Don’t forget the physical side of spring cleaning. Are you holding onto actual things left behind by adult children who want no contact? Now might be a good time to free up extra space. Storing, donating, or disposing of unused items can be mentally and emotionally liberating. Try taking down a photograph that reminds you of pain, and see how you feel.  There really is something to the old saying: out of sight, out of mind.

You might also make a physical change for this new season of your life. I recently cut my hair, and imagined shedding negativity along with those overgrown locks. The easy style is representative of a fuss-free life—and goes along with my newly adopted motto, Lighten Up. I like that my motto can apply in several ways: weight, clutter, and mood. Will you join me?

Adapt

adult children want no contactWhile we might feel a little spindly and awkward as we turn ourselves to a new light and grow, we can take a lesson from my dusty miller plants. Once the weeds were cleared away, those bare-stemmed plants began to immediately adapt, filling in with foliage to soak in the sunlight.

It’s spring. Spread your own foliage. Stretch toward the sunlight of people, things, and activities that make you happy. Expend your energy in ways that help you progress toward meaning and joy.

Keep watch, too, for old habits to creep in (like those snails in the picture!). Pluck them out before they can do damage.

Spring forward

adult children want no contactFor inspiring stories of other parents who’ve moved beyond the emotional wreckage of estrangement, as well as more in-depth information about releasing negative feelings, thoughts, and behavior that are holding you back, get my book. Done With The Crying: Help and Healing for Mothers of Estranged Adult Children was recently named a finalist in the Indie Book of the Year Awards—which I hope will raise awareness about the growing problem of estranged adult children from loving families. You can help by clicking on the Facebook “like” and Google + buttons below.

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Cut off by adult children and lonely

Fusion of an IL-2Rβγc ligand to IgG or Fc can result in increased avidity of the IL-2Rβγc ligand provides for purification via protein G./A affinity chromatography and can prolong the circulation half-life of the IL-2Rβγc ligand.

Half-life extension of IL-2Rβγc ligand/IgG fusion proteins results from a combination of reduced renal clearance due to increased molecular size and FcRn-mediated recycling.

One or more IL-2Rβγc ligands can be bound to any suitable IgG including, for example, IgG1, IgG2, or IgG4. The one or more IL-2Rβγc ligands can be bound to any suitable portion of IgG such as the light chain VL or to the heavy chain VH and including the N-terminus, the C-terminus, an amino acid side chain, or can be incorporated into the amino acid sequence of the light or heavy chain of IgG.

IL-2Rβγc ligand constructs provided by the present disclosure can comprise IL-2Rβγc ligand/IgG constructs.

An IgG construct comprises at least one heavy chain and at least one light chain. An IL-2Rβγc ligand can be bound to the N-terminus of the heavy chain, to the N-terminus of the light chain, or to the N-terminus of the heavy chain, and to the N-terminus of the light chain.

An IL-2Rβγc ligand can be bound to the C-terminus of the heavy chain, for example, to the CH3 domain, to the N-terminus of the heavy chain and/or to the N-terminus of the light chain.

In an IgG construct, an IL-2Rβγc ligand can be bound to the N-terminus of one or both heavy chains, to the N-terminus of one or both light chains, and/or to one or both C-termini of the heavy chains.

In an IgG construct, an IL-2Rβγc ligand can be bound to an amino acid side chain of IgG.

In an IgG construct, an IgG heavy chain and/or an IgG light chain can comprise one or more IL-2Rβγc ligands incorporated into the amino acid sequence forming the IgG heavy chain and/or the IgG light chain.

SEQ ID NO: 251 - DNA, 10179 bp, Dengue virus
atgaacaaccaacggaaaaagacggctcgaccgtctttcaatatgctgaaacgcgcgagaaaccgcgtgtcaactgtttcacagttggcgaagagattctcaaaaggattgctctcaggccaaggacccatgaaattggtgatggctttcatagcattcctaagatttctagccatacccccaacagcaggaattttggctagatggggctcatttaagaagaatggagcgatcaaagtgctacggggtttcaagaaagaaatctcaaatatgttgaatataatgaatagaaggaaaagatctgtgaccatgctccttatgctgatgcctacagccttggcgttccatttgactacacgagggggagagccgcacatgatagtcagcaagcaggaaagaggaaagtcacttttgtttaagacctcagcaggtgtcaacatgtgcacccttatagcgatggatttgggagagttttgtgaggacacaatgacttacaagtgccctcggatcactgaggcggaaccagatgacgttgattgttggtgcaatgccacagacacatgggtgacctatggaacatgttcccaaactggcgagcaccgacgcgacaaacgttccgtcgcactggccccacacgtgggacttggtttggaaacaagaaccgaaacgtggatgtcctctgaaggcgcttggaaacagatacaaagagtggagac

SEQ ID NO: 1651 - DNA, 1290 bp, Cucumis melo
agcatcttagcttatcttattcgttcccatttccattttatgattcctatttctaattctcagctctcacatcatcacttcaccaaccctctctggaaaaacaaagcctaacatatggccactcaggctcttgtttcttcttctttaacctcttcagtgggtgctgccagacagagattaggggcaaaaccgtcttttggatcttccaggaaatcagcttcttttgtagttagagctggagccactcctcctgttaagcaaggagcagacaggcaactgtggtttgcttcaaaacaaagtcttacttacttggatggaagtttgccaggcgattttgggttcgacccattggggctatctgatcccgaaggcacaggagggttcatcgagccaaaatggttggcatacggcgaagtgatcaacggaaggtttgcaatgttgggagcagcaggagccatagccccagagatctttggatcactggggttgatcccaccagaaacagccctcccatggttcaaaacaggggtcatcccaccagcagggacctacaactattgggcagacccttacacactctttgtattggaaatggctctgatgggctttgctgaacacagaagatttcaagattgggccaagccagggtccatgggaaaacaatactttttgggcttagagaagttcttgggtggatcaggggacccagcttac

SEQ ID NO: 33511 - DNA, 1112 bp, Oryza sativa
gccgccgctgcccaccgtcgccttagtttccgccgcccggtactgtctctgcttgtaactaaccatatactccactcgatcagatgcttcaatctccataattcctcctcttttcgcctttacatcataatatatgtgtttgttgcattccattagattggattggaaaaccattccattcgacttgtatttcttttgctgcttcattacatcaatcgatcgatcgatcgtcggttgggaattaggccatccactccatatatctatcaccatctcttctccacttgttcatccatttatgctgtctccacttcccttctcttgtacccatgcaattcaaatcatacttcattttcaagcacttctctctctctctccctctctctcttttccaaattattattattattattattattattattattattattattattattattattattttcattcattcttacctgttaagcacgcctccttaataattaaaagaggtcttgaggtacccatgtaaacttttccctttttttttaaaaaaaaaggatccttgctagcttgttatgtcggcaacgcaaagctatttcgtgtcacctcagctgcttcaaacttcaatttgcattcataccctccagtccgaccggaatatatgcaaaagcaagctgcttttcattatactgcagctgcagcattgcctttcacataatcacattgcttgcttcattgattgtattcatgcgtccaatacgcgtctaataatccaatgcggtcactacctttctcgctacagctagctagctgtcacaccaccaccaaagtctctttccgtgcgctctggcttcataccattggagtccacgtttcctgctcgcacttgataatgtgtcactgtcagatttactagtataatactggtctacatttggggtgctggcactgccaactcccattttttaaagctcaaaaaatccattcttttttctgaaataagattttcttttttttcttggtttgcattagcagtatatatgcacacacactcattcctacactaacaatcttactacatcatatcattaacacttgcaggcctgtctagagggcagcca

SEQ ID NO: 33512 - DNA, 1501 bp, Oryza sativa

cut off by adult childrenCut off by adult children? You may feel lonely, but you’re not alone

By Sheri McGregor, M.A.

Many parents cut off by adult children feel all alone. The reasons for estrangement are often uncertain, and are varied. Divorce, parental alienation syndrome, drugs, an influential love interest…. Situations can be complex, and circumstances are unique. Regardless, parents cut off by adult children can feel isolated.

If you’re all alone or lonely this Valentine’s Day—or any day—take heart. Not only are you one of many in similar straits, but it’s even possible to see your alone time in a whole new light.

Valentine’s Day—and any day

Parents cut off by adult children may be emotionally exhausted and feel as if life is passing them by. They’re exhausted by their lack of power to fix the relationship. Estranged adult children ignore efforts to reconcile, or respond with icy words or actions that make it clear: they’re not interested in a healthy relationship.

cut off by adult childrenWhat’s worse, parents cut off by adult children can start to feel as if they don’t fit in anywhere anymore.  While friends share tales of sweet grandchildren presenting valentines with too much pasty glue, rejected parents ache for that connection, and worry they’re being maligned to grandchildren they deeply miss. Yet sharing their circumstances may be met with blank stares or judgmental comments. Arms fold. People look away and sit back in their chairs. Nobody seems to understand. “It’s enough to make you feel like a leper,” one mother explained. “That’s why I avoid people now.”

In reaching out for support and sharing your circumstances, you may have been met with blank stares or hurtful questions (What did you do to cause that?). Arms fold. People look away. Nobody seems to understand. You may feel as if you just don’t fit in anymore.